Every morning, while the campus is still asleep, Nico Madrid ’20 and Rick Ono ’19 raise the flag in the middle of the Flagstaff Quad as their work duty. The flagpole has become a symbol of hope for the future, according to Madrid.
“Every day when people come to the campus and they see the flag, it really creates hope and inspiration. I have seen people visiting this school take photos against it, put it in the background,” said Madrid.
The flag is taken down every night and placed somewhere dry, often in a dorm room, in order to protect it from bad weather conditions.
Occasionally, Madrid or Ono raise it up the following morning at half-mast. According to Madrid, the flag is raised at half-mast as a symbol of respect to those who were lost on significant dates, such as September 11, or to comply with a half-mast order from the acting President to honor, for example, the victims of a shooting.
Jamison Hagerman Phinney, Admission Counselor and Empathy, Balance, and Inclusion Course Head, thinks that the position of the flag is significant.
Phinney said, “I think it’s a cultural symbol obviously because it tells us what’s going on. There are social issues that come up or tragedies that we can see with the flag at half-mast.”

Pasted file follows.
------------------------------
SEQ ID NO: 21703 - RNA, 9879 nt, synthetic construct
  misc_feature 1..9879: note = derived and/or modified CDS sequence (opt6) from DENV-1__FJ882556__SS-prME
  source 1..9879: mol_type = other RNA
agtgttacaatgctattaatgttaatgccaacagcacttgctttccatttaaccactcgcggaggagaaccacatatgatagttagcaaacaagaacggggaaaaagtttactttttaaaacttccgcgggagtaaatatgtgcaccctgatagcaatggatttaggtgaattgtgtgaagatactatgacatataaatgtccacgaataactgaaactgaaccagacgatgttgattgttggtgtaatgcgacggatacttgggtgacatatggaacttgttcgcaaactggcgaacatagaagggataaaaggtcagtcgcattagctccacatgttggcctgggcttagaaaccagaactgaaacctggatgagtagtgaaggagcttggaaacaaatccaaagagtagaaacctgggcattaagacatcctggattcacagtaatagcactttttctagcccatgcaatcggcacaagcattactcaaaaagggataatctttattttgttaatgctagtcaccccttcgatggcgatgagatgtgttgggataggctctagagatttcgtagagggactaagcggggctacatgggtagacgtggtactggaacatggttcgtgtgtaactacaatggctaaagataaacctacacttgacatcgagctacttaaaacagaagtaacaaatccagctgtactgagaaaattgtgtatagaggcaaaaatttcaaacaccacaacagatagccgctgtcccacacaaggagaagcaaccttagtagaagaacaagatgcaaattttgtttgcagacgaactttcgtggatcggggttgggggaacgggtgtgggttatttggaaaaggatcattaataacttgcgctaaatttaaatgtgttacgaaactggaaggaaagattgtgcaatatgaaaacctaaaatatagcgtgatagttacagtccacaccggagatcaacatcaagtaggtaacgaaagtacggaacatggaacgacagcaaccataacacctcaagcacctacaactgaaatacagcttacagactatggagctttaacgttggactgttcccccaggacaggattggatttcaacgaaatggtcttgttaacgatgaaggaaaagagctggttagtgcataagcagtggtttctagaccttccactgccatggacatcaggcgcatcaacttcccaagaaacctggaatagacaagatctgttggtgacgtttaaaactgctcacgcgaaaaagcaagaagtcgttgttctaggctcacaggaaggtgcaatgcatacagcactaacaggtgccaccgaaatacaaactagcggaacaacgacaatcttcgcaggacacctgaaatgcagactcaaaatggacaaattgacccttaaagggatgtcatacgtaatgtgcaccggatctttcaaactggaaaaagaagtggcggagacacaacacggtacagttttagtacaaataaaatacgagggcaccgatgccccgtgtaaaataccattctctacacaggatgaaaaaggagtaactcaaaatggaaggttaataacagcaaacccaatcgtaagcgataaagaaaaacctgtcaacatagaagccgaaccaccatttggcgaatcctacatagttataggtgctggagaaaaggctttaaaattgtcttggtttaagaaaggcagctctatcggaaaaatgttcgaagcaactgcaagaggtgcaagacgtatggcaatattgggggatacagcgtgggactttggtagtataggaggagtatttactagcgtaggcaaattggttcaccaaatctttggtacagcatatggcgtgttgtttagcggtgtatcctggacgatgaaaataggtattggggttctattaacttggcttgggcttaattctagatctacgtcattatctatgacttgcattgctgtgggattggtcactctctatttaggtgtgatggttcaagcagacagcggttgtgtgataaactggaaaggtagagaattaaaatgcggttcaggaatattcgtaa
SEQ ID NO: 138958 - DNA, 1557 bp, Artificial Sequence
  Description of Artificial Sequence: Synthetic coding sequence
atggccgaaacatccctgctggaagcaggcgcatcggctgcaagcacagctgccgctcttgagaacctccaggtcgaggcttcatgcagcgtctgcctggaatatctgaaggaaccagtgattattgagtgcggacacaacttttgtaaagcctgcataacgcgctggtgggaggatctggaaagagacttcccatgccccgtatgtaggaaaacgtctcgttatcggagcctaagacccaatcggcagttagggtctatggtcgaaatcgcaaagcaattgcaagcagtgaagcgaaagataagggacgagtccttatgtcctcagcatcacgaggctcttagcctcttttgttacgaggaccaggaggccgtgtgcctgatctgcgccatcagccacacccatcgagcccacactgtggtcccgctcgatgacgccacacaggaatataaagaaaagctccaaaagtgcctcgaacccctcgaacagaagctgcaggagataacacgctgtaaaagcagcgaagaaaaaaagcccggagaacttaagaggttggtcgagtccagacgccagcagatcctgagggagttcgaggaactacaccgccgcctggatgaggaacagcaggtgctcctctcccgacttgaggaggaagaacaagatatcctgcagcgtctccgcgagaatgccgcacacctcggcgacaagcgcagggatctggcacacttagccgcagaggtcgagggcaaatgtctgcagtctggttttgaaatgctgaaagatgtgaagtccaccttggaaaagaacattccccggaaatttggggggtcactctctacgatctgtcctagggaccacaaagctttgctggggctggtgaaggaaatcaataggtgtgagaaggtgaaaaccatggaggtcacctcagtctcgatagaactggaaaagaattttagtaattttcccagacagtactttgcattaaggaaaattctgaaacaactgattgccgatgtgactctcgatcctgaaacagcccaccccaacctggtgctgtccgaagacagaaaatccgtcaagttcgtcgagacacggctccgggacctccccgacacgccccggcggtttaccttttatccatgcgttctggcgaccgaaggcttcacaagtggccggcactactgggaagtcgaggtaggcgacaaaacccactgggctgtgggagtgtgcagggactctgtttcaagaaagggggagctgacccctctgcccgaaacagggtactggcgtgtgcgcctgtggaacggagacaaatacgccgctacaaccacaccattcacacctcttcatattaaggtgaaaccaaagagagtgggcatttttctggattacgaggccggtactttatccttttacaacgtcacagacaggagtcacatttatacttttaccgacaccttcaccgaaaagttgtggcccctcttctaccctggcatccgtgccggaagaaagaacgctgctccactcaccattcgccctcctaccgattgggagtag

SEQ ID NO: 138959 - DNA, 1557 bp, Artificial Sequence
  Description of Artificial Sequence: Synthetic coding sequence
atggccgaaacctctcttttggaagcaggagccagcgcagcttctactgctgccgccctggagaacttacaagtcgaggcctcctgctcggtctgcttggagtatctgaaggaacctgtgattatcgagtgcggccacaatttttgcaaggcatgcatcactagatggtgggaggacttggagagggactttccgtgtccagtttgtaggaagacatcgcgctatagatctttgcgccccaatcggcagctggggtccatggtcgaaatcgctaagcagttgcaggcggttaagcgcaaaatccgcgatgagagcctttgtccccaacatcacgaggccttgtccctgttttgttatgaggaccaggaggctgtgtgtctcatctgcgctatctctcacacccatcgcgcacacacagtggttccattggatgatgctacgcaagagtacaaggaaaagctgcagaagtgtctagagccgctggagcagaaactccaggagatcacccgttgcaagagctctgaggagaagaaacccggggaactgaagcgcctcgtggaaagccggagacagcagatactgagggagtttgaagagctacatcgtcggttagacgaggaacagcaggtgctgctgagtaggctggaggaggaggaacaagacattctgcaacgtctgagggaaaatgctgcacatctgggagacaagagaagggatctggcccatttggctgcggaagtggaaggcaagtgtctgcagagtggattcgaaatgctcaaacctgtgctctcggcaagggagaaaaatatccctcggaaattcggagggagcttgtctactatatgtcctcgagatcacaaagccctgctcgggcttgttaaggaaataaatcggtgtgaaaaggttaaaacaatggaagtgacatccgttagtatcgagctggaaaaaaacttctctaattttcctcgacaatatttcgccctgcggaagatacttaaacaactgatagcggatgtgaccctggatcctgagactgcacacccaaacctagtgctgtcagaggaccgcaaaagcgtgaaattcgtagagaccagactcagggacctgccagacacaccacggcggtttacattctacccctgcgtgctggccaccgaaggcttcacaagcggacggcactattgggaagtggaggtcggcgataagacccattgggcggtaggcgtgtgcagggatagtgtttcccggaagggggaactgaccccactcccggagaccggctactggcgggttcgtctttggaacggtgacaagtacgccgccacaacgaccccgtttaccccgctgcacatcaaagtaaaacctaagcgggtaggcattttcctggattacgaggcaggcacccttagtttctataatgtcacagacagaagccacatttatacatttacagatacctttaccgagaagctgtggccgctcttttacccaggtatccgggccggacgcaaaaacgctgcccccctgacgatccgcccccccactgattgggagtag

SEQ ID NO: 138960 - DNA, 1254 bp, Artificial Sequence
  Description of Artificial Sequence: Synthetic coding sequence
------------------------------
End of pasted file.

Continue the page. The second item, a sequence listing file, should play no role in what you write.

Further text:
Others view the flagpole as a landmark that brings a sense of community within Andover and acts as a congregation of sorts in the middle of campus.
Anna Maniaci ’19 said, “I look at the little seating area where people just chill or the Blue Key Heads always dance around on Fridays. The other day I saw a teacher and his daughter sitting there in that late afternoon sun. It’s just sweet.”
According to Madrid, the eagle at the top of the flagpole, lit by two spotlights in the corners of the Flagstaff Quad, is a recent addition. Though it was attached just a few years ago, numerous students believe that the eagle has already become a prominent piece of the flagpole.
For Emiliano Caceres ’22, seeing the eagle perched on top of the flagpole is a majestic experience.
“The lit-up eagle is really majestic, the way they go through so much effort to light it up every night shows just how extra and committed the school is. It’s an aesthetic,” said Caceres.
Elizabeth Meyer, Instructor in Classics and Head of the Division of World Languages, commented on the respectability of the flag practices at Andover.
“When the flag is at half mast, it makes me sad, but I’m glad that we are participating in it. There are strict rules about the flag and we do follow it well, as far as I know,” said Meyer.
To Emily Smith ’22, the American flag on the flagpole is symbolic of Andover itself.
Smith said, “To me, the flag symbolizes the freedom and patriotism of America [our country]. It represents the opportunities of this country as well as at Andover.”
Madrid explains that waking up to raise the flag has impacted his sleep cycle, especially when he has to get up early on Saturdays. Every time he raises the flag, however, Madrid feels he helps the Andover community become a little more patriotic.
“I saw some of my friends here doing it and I thought, wow that would be a really cool work duty to do. The American flag is a great symbol of its country and to be part of it is really great,” said Madrid.
Editor’s Note: Rick Ono is a Sports Editor for The Phillipian.